With only a few CSA pickups remaining, Dan and I are looking forward to relaxing by the woodstove with our kids. At the same time, we’re attuned to the fear many people feel as winter approaches. And as eager as we are to rest from yet another rollercoaster of a season, we know that the COVID saga will continue into 2021. CSA shares will probably sell quickly over the winter, so we’ll be strategizing how to maximize our growing space without overburdening the soil. Just as we did in the spring, we’ll keep the farm open to everyone throughout the winter, with pop-up farm stands as often as the weather and our food stores allow (onions and oysters, anyone?). While we hope life will have regained some sense of balance by summer, we’re still preparing for another season of busy farm stands.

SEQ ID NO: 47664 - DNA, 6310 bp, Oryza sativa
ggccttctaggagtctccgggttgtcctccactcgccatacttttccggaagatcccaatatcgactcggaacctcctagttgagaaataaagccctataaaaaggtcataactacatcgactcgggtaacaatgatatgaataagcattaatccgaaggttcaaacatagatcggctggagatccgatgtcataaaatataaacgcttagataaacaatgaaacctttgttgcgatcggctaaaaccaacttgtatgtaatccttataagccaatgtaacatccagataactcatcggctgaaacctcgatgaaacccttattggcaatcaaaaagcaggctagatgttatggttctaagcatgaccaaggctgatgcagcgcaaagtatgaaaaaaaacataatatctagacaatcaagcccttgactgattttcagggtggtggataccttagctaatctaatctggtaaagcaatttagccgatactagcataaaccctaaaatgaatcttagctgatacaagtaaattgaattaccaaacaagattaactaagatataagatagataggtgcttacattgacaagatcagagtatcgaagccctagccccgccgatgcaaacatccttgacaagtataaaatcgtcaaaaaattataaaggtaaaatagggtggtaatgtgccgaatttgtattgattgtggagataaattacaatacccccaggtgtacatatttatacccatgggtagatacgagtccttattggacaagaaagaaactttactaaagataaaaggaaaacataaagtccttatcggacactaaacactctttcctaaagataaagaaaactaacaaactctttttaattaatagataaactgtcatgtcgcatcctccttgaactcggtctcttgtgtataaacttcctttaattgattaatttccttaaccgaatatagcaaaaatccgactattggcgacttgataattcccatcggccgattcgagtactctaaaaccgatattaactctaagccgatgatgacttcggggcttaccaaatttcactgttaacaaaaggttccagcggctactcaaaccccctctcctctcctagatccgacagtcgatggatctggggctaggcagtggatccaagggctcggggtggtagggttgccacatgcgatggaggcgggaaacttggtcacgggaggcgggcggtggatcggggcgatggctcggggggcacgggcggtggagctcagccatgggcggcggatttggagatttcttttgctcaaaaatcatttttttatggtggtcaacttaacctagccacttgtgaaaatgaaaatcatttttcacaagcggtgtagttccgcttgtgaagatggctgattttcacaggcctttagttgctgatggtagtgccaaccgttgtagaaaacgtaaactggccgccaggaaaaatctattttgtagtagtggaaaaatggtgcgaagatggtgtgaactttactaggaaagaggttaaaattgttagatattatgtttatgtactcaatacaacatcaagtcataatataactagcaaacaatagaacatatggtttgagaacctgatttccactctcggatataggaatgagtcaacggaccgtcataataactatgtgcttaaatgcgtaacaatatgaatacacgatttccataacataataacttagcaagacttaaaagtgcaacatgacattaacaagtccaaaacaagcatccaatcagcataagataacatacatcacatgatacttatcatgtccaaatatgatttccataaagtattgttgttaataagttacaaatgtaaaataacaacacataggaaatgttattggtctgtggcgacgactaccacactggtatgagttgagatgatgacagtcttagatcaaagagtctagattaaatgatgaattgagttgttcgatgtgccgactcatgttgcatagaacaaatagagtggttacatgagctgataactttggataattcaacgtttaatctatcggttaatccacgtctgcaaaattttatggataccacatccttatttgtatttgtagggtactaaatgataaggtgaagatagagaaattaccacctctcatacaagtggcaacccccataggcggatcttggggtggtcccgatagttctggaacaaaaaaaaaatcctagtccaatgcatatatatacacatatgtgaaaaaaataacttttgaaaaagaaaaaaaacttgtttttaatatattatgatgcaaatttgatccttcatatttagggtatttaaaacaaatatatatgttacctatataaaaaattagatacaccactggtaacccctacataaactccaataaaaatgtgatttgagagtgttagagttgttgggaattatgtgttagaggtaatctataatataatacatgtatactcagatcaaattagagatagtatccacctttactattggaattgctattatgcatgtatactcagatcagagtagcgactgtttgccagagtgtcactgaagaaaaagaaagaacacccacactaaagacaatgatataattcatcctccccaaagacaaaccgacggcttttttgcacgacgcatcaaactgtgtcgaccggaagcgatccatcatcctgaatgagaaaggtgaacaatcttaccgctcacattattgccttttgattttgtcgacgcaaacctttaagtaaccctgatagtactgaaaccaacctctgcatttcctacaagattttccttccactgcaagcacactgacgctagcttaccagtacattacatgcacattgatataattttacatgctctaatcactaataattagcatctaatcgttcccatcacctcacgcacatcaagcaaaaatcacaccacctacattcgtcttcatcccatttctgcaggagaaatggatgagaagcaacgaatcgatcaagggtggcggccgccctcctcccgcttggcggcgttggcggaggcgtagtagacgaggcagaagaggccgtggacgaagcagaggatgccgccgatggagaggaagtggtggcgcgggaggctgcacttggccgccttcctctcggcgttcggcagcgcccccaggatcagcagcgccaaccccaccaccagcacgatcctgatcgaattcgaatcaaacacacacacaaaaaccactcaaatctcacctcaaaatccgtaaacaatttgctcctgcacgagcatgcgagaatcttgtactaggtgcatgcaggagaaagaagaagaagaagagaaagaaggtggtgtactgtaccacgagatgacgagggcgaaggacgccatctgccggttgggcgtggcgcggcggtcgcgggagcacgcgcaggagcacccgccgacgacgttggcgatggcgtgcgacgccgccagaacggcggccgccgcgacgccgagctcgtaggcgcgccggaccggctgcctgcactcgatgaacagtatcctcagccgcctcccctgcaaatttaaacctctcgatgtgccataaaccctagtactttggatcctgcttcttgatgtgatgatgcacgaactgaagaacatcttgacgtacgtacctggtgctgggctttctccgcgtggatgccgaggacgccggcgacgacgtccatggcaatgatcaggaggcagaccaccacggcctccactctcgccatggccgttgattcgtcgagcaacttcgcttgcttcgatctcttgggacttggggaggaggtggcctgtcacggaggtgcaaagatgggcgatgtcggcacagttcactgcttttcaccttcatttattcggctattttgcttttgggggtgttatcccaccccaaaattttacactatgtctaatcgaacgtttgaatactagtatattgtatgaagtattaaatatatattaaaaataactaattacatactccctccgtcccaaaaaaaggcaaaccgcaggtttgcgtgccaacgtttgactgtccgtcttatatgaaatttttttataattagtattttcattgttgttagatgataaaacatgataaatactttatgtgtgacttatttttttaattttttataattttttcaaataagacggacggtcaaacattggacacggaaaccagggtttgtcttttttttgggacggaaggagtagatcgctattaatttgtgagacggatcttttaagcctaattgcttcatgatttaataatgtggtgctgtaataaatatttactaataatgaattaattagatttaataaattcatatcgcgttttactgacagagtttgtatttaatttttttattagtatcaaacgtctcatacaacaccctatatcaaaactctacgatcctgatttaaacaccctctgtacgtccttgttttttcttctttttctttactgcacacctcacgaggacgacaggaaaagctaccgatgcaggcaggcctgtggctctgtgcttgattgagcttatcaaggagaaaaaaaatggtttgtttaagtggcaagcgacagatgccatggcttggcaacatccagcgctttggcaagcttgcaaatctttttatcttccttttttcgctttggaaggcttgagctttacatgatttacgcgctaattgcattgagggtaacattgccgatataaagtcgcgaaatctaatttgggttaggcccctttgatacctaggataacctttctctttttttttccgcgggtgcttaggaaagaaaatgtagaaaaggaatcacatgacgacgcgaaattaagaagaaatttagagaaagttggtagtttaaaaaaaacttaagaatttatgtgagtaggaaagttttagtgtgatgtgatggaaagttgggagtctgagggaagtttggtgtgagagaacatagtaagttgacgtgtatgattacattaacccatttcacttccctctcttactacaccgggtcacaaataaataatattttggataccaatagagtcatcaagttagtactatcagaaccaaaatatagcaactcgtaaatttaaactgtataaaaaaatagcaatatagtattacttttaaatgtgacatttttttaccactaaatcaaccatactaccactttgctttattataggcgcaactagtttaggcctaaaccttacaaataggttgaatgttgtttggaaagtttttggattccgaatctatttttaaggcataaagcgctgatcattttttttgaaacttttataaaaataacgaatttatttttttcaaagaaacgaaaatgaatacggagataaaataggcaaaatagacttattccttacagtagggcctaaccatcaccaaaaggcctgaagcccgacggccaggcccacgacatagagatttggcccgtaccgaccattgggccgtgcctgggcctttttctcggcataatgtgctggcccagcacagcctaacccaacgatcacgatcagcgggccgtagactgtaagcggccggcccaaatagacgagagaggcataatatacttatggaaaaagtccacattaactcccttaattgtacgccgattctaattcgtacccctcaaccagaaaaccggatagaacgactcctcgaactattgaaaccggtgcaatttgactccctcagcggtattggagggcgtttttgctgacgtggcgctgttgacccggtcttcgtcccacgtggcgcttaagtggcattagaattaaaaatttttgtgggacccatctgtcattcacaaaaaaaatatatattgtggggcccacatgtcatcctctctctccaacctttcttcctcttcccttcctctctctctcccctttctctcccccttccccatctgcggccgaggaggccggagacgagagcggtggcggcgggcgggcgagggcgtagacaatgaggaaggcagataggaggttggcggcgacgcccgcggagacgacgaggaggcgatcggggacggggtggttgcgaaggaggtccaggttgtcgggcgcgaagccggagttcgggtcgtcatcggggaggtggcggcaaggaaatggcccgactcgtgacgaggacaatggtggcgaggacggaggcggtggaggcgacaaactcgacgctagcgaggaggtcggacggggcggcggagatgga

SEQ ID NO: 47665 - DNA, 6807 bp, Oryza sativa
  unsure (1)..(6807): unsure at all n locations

Are we happy to be in such high demand? Absolutely. Do we wish we could attribute it to happier circumstances? Of course. At this point, we’ve all grown accustomed to COVID’s bizarre juxtaposition of new discovery and opportunity alongside so much fear and loss. In the reordering of priorities that is the hallmark of the pandemic, a safe, stable food supply clearly comes out on top. Call me biased, but I believe that’s as it should be. Having run this farm for thirteen years, we’ve seen some wild swings in the market—from the easy CSA sales of the late 2000s, to stiff competition from Amazon and home delivery in the 2010s, to last spring, when we had to turn dozens of people away, because we couldn’t serve everyone. We know that the high we’re experiencing right now will inevitably be followed by a low, and so we’re taking advantage of the moment to educate all who visit about all the good that farms can do. Farms can feed people. Farms can unite communities. Farms can sequester carbon. Farms can teach life skills. Farms do all this and more, in times of both comfort and crisis. Our hope that after this crisis has passed, and priorities are reordered once again, farms maintain their rightful place.